Monday, December 19, 2011

Medical Packaging Buying Guide

Medical packaging serves several important functions, but its primary role is to protect a packaged medical or pharmaceutical product. Because medical products can feature unique specifications and often require sterilization prior to packaging, medical packaging is designed to both uphold the highest medical standards and ergonomically protect the integrity of a product. As a result of the wide array of medical components, medical packaging ranges from pre-formed packages to customized packages for specialty parts. Variations in size, dimension, rigidity, breathability and sterility enable even the most delicate medical component to be shipped in an appropriately engineered package.

Types of Packages

Medical components are typically packaged in one of several structural configurations. Below is a description of some common types of medical packages.

Blister packaging: Often used to hold individual capsules within a larger carton, blister packaging protects a package’s contents from contamination. Depending on the nature of the film material used, blister packs can feature either a peelable layer or a push-through lidding as a way to remove the contents of a package.

Individual-wrap packages: This type of packaging is a good choice for single-use applications, such as syringes. Blister packs are often used for extra support.

Multi-compartmental trays: Typically manufactured from more rigid material, multi-compartmental trays are used to package sutures, implants and other sensitive surgical items.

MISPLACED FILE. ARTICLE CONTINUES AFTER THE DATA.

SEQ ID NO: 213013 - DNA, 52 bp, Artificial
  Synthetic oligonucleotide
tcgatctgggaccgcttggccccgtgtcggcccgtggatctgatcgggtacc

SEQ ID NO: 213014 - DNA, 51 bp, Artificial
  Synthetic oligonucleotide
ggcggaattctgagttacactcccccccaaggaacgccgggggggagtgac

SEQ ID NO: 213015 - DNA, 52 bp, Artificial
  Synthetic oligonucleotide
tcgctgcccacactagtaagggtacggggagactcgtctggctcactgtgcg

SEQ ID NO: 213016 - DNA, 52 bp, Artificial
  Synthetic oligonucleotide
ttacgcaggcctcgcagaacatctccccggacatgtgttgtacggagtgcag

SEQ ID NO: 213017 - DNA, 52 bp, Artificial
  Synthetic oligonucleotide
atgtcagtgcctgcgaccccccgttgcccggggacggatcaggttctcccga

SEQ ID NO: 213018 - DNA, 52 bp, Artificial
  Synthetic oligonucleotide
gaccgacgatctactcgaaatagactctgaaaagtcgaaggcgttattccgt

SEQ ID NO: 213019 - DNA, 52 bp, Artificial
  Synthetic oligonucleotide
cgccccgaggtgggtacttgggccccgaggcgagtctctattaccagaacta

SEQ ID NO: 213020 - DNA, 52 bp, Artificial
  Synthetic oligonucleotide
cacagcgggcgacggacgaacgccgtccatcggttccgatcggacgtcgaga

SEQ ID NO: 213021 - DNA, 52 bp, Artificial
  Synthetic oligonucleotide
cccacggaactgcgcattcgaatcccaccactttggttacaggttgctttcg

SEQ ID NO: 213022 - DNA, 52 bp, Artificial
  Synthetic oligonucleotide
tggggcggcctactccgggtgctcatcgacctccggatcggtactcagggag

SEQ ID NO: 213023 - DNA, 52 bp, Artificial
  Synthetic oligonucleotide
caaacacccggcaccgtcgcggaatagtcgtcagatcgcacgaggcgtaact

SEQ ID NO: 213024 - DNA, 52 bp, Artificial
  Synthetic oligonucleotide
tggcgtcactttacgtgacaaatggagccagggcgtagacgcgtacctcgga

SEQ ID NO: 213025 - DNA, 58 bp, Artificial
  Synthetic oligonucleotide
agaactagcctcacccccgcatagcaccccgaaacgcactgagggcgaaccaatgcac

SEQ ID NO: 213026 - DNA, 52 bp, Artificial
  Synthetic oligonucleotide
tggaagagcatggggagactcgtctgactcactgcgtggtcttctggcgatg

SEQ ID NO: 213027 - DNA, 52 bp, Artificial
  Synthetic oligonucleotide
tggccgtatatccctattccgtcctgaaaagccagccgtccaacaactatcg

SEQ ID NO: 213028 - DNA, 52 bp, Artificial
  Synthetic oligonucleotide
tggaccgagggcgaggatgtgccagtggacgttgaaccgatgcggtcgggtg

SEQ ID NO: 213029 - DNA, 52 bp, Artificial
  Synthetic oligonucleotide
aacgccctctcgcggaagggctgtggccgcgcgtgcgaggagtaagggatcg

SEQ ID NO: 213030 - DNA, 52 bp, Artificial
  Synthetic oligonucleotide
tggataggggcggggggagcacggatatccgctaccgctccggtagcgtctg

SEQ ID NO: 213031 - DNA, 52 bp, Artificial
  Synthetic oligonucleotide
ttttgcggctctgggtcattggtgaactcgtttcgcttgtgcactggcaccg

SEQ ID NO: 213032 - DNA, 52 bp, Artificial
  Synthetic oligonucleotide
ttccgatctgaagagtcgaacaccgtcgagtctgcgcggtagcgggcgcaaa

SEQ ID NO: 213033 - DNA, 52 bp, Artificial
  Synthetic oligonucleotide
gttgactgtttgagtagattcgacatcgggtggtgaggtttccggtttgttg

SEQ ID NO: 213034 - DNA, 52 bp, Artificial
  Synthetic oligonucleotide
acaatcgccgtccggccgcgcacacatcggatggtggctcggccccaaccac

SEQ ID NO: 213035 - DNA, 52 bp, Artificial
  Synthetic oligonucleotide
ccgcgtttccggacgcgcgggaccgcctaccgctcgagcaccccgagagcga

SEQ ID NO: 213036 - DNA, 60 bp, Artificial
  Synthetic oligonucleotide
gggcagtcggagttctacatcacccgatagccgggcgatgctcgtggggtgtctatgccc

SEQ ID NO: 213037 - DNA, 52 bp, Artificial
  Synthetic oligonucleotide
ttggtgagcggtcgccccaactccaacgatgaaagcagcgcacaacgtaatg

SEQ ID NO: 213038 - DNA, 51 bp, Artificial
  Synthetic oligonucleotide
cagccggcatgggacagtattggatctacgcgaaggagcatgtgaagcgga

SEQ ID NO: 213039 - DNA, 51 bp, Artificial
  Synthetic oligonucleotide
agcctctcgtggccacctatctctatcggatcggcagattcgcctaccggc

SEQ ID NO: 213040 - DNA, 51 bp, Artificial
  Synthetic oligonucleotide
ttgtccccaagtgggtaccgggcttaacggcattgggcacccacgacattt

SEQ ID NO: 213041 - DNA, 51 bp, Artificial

Water-soluable packaging: This packaging variant dissolves in water, making it suitable for products whose end-function requires the addition of water, such as nutritional supplements.

Pouches: Pouches can hold a variety of oddly shaped applications. They can also be manufactured from a range of materials to meet sterilization requirements.

Cartons: Manufactured from fiber boards, cartons are suitable for products that can be stored at room temperature within a typical, made-to-size, boxed structure. Over the counter medicine, such as basic capsule pills, are often packaged within individual cartons. Materials can range from white lined chipboard to basic folding boxboard.


Many medical products depend on medical polymer films, an essential component in medical packaging, to protect against contaminants and maintain the products’ integrity. Medical polymer films also inhibit or enable the circulation of air, as well as guard against light, moisture and other gases.

Common types of medical film materials:

Single films Laminations Coextruded films

Laminations are comprised of two or more individual films, typically featuring the best properties of each film in the final composite. Laminations are very stable, and are often used to manufacture pouches. Materials used to create laminations include polyethylene-cellophane, polypropylene-cellophane-polyethylene and polyethylene-polycarbonate.

Whereas laminations require individual layer fabrication, coextruded films simultaneously manufacture multiple layers. Coextruded films are sometimes used in place of adhesives and coatings. Typically, coextrusion films can be made from high-density polyethylene, polystyrene, polypropylene, or polyvinyl chloride. Most coextruded films are impermeable by gas, which enables their use as packaging for sterile products.

Tyvek material is commonly used for packaging products that have been gas-sterilized, such as gloves and wound dressings.

Medical Packaging Standards

There are several codes in place to ensure the quality of medical packaging. Two of these standards include:

ISO9000: Quality Management Standard; and

PSO9000: Pharmaceutical Packaging Materials Standard.

After a package has been produced, it undergoes testing and inspection to ensure it meets the appropriate standards. For a further explanation of medical packaging codes, please visit this Web site:

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